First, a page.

Dry Brushing 101

Image source: Thinkstock
Image source: Thinkstock

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Everybody raise your hand if your skin is scaly and dry and it’s the winter time and you’re sick of it but using scrubs in the shower is a certain kind of pain in the butt. Are your hands up? Both of mine are.

I hate dry winter skin. It is killing me, Smalls! But more than the hate that I have for dry winter skin is the hate that I have for body scrubs. They use up so quickly, they gum up the shower drain, they leave a salty film on the floor of the tub, they are expensive, and they smell funny sometimes. Gross, unnecessary, disinterested.

I was skimming Instagram a few weeks ago when a friend’s photo of a body brush popped up. “Loving dry brushing!” her caption read. Ten comments from some of my good friends echoed, “Dry brushing is the best!” I was like, oh really now?

So I did some research into dry brushing and decided to give it a try. I’ve been dry brushing at night before my showers for the last two weeks and I am happy to report, it is amazing.

Dry brushing is simply that: brushing your skin using short strokes with a dry, natural bristle brush. The benefits of dry brushing go on for days. Smoother skin, clear pores, stimulated lymphatic system, improved skin elasticity, better circulation . . . it is said to increase your cells in the detoxification process and is even reported to reduce cellulite. Well shoot.

The process is simple and can be as quick or take as long as you’d like. First, you need a body brush (how about this one?). Then, you need some quiet time before a shower. Give yourself five minutes. Lock the door for crying out loud, this would look funny to walk in on.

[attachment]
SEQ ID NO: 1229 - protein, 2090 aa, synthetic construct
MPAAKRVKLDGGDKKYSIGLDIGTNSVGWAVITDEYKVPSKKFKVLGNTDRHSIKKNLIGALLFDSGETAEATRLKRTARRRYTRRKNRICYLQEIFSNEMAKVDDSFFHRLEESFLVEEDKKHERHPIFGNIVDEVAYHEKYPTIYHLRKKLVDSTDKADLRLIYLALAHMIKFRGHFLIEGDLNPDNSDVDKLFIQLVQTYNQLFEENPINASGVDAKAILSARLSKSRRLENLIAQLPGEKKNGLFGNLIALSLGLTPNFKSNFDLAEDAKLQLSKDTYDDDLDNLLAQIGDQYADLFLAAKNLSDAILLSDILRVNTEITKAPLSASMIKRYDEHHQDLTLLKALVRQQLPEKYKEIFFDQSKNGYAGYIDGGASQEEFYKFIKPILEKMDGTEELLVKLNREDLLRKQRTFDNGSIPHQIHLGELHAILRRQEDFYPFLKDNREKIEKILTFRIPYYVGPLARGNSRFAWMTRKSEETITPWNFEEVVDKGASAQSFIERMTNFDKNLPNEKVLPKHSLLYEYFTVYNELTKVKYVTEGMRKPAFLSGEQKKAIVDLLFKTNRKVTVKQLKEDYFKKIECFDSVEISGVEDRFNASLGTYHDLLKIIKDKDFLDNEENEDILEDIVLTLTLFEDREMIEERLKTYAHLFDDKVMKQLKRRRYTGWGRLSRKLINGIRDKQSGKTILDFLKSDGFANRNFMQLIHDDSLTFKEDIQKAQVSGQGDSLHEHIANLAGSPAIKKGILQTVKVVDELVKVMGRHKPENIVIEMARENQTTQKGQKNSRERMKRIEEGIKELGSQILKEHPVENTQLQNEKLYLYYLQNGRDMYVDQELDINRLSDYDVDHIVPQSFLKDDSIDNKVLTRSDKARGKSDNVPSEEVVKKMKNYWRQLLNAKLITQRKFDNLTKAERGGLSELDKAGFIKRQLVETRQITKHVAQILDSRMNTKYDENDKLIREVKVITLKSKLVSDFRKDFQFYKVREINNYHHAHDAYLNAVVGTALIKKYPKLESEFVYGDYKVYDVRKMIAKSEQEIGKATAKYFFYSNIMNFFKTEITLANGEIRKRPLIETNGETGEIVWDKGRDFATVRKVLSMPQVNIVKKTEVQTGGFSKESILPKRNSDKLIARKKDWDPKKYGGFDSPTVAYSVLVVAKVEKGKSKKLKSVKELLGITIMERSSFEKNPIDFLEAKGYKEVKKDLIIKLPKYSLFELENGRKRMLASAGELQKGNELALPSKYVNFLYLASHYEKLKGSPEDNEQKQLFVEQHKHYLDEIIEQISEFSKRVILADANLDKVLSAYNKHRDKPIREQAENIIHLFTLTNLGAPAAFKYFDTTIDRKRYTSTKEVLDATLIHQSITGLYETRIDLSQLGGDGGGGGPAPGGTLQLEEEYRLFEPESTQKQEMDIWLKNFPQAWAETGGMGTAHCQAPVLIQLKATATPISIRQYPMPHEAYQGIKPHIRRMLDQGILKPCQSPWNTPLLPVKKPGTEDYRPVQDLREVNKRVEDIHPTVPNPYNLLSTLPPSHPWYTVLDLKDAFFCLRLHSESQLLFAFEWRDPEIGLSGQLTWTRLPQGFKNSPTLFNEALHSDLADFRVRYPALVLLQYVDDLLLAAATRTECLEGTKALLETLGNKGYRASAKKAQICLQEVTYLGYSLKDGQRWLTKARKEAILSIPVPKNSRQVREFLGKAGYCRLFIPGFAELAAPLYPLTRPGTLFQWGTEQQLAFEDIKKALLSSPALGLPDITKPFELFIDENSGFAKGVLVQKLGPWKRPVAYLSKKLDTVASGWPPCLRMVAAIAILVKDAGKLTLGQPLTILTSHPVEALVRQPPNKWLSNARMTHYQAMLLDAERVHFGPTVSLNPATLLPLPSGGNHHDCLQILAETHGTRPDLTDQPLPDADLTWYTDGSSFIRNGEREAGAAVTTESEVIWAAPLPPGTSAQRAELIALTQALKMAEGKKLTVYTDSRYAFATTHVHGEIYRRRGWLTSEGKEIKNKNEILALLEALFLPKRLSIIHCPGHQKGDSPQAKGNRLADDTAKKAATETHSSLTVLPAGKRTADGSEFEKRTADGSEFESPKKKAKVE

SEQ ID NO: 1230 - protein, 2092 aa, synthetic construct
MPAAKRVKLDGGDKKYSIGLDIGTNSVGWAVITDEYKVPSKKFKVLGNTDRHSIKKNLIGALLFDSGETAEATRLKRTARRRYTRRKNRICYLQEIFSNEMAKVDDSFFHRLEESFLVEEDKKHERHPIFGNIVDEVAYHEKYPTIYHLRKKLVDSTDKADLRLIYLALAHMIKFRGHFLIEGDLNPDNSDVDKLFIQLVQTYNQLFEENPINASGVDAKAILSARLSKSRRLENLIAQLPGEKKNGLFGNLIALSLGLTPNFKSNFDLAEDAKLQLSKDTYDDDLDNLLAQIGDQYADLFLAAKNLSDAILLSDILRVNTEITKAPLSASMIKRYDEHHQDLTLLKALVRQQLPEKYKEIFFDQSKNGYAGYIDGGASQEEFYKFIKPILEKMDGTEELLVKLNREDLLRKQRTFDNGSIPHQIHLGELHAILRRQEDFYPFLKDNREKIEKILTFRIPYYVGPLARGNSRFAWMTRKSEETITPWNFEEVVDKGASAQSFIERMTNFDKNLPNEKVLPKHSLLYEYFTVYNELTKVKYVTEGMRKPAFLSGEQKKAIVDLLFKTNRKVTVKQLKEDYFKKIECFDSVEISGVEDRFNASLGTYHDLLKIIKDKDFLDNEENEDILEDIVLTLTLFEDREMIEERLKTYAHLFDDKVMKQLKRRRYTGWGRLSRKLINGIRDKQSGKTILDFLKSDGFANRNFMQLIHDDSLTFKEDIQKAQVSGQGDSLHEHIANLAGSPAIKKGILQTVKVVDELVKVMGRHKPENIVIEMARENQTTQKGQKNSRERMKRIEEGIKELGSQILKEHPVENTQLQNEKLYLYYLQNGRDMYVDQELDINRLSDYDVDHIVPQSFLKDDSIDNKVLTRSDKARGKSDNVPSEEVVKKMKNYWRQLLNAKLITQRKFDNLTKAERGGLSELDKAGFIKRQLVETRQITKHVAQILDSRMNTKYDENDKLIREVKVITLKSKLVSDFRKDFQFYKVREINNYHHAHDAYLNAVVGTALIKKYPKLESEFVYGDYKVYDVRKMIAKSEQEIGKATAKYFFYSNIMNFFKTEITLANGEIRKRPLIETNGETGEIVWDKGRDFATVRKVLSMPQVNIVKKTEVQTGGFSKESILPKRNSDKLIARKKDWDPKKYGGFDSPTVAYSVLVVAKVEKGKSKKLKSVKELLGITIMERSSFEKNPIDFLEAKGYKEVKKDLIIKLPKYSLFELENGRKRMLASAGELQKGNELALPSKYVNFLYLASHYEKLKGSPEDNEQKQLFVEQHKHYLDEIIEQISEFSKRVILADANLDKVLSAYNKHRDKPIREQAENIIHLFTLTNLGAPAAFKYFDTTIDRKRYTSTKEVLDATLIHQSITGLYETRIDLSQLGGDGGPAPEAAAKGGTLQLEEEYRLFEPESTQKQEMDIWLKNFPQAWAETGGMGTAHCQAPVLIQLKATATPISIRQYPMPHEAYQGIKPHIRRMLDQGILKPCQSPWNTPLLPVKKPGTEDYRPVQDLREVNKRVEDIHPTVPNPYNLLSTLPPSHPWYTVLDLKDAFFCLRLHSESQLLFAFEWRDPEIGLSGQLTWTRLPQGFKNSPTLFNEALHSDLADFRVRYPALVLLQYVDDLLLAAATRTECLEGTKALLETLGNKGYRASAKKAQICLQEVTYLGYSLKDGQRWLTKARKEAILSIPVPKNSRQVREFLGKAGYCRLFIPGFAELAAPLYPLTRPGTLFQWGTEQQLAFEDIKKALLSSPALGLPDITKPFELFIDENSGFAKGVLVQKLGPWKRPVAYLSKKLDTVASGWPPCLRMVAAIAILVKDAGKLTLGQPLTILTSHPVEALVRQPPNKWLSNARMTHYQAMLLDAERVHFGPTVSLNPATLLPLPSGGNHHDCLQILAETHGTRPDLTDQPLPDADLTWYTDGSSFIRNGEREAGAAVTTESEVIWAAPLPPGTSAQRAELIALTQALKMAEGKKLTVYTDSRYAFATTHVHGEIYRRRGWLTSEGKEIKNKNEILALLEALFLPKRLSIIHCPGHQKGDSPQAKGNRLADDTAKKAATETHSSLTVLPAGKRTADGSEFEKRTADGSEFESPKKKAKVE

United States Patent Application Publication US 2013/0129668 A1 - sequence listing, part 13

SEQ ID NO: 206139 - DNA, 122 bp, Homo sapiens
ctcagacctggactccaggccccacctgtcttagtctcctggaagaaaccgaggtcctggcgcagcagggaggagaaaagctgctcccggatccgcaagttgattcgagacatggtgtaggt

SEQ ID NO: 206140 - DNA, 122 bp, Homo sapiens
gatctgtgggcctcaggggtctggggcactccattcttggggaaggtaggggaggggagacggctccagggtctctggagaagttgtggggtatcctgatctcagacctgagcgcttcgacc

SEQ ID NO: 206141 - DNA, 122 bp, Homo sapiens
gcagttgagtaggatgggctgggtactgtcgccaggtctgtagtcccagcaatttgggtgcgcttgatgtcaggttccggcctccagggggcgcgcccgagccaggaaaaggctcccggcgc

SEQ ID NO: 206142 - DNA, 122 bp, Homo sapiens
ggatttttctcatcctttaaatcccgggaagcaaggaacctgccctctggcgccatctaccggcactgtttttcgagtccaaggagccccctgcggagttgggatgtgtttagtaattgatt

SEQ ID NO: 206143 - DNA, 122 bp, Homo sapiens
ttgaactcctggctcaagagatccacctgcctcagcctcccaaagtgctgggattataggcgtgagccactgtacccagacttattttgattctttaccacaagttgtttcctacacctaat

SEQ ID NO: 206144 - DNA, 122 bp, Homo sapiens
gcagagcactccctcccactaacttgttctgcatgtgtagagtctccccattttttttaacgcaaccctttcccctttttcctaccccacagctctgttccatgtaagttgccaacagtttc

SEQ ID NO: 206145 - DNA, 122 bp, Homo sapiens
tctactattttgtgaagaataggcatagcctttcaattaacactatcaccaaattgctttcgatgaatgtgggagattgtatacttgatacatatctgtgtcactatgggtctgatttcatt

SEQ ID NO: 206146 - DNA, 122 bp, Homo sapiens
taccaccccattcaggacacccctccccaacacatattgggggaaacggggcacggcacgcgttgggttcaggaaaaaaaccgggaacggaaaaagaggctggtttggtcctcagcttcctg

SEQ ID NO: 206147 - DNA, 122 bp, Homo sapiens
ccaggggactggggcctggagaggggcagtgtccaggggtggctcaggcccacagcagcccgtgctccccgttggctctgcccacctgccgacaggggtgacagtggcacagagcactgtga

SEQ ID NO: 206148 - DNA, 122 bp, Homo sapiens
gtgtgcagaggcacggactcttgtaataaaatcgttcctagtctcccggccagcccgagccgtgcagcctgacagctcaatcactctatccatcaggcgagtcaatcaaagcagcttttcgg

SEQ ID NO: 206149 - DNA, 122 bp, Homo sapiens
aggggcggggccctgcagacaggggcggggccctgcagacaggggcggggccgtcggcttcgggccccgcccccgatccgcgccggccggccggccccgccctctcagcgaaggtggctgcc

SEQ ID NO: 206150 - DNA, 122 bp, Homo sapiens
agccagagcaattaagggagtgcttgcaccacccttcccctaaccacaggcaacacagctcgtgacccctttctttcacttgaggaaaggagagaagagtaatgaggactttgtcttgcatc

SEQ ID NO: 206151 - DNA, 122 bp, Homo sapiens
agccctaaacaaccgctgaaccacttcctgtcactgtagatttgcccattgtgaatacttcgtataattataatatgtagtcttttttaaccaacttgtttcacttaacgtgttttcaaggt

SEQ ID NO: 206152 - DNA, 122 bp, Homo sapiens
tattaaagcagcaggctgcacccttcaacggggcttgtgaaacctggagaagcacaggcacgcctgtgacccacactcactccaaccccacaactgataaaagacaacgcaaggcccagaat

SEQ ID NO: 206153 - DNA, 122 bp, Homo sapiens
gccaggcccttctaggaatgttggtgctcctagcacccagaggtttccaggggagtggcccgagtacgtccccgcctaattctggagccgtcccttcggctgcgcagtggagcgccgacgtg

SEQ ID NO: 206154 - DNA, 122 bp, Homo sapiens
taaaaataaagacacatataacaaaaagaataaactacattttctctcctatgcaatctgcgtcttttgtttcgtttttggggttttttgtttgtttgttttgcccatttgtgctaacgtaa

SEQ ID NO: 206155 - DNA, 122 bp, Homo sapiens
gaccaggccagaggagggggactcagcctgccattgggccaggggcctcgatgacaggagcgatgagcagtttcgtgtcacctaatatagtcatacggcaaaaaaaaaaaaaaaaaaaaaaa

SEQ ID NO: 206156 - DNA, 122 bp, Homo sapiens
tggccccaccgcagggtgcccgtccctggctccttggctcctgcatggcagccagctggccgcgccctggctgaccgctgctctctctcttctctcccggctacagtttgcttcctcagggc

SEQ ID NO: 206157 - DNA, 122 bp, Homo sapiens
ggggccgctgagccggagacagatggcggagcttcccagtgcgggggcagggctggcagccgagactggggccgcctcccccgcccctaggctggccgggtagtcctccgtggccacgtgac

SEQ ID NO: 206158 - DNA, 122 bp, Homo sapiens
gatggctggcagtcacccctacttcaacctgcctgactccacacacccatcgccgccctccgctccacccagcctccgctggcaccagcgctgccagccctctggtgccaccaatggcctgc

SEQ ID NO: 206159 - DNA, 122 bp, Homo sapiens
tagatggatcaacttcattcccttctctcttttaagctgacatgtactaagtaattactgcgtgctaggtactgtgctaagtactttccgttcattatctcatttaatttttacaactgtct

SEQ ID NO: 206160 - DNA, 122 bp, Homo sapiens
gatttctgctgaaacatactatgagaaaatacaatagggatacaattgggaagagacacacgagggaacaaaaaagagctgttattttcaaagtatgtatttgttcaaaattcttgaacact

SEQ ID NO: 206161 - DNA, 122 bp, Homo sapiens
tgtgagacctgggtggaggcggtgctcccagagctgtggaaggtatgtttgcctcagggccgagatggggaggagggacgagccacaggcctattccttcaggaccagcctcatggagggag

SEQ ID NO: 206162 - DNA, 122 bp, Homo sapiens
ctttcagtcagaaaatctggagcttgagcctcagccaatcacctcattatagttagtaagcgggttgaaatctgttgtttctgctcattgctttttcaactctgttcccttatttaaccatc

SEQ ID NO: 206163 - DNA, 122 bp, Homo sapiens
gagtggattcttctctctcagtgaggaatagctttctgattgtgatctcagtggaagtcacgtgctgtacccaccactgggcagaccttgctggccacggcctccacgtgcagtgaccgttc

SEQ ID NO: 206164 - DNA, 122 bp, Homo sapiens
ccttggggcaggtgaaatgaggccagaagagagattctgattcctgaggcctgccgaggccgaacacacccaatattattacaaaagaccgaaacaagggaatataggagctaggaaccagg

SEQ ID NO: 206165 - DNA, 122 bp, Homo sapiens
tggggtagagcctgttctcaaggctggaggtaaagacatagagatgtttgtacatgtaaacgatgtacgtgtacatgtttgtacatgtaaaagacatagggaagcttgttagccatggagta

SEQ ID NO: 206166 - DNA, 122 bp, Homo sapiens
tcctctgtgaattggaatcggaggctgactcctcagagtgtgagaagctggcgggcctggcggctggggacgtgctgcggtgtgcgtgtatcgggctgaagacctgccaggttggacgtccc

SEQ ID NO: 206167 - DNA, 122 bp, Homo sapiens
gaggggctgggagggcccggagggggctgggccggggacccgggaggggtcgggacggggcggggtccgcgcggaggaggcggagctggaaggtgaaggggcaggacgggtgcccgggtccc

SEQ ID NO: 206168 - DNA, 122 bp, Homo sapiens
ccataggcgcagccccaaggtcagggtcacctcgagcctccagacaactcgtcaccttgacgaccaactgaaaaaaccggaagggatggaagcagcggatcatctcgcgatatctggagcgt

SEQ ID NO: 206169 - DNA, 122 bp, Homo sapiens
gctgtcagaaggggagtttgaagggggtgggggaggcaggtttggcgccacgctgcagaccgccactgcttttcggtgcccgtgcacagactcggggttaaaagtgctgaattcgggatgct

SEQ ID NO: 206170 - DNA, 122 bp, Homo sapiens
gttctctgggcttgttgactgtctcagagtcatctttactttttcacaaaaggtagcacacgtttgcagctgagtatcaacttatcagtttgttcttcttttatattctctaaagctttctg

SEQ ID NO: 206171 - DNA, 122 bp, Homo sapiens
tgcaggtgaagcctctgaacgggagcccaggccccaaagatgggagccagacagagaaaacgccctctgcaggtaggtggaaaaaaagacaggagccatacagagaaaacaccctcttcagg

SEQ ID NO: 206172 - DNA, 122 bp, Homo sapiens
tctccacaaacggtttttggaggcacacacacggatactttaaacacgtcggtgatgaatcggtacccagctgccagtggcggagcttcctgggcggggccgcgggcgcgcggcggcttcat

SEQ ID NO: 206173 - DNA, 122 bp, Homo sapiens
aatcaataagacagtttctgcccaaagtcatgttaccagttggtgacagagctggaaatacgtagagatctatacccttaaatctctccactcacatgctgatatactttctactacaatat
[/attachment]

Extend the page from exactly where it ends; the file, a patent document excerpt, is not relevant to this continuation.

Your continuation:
Starting at the soles of your feet, brush your skin in short, circular motions, always aiming in the direction of your heart. Continue up your leg, then repeat the process starting with the other foot. Next brush up your abdomen (feel free to take it a little softer on delicate tummy skin) and toward your heart, and then start in on the palms of your hands, brushing up to your shoulders. When you get to your back, direct your brush strokes toward your stomach. Do you want to brush your neck? Go for it. Do you want to brush your face? No, you do not (save that for your Clarisonic).

The first time I tried dry brushing I was a little skeptical, and I figured it would hurt. But the good news is, it feels good. It hurts in the best possible way. Your skin literally tingles, and you do feel crazy refreshed after. Some nights, after a long day, a rough dry brushing session is the best stress buster known to man. By the time I step into the shower my skin is buzzing, I’m pink all over, and my skin feels crazy soft. Bonus: you can take it easy on the soap, because you’ve already sloughed off most of the environmental toxins and dirt you’ve picked up during the day.

Also I feel like dry brushing is something Gwyneth Paltrow would do and really, that’s reason enough for me.

Hey, so how often should you dry brush? That really depends on your skin, but experts recommend at least twice a week for optimal results (I like every other day or so). And please note, if you have eczema, open wounds, or particularly sensitive skin, you may need to alter your approach to accommodate those areas and/or skip it all together.

Remember: With all this dry brushing you are going to need a really excellent body lotion.

Article Posted 6 years Ago

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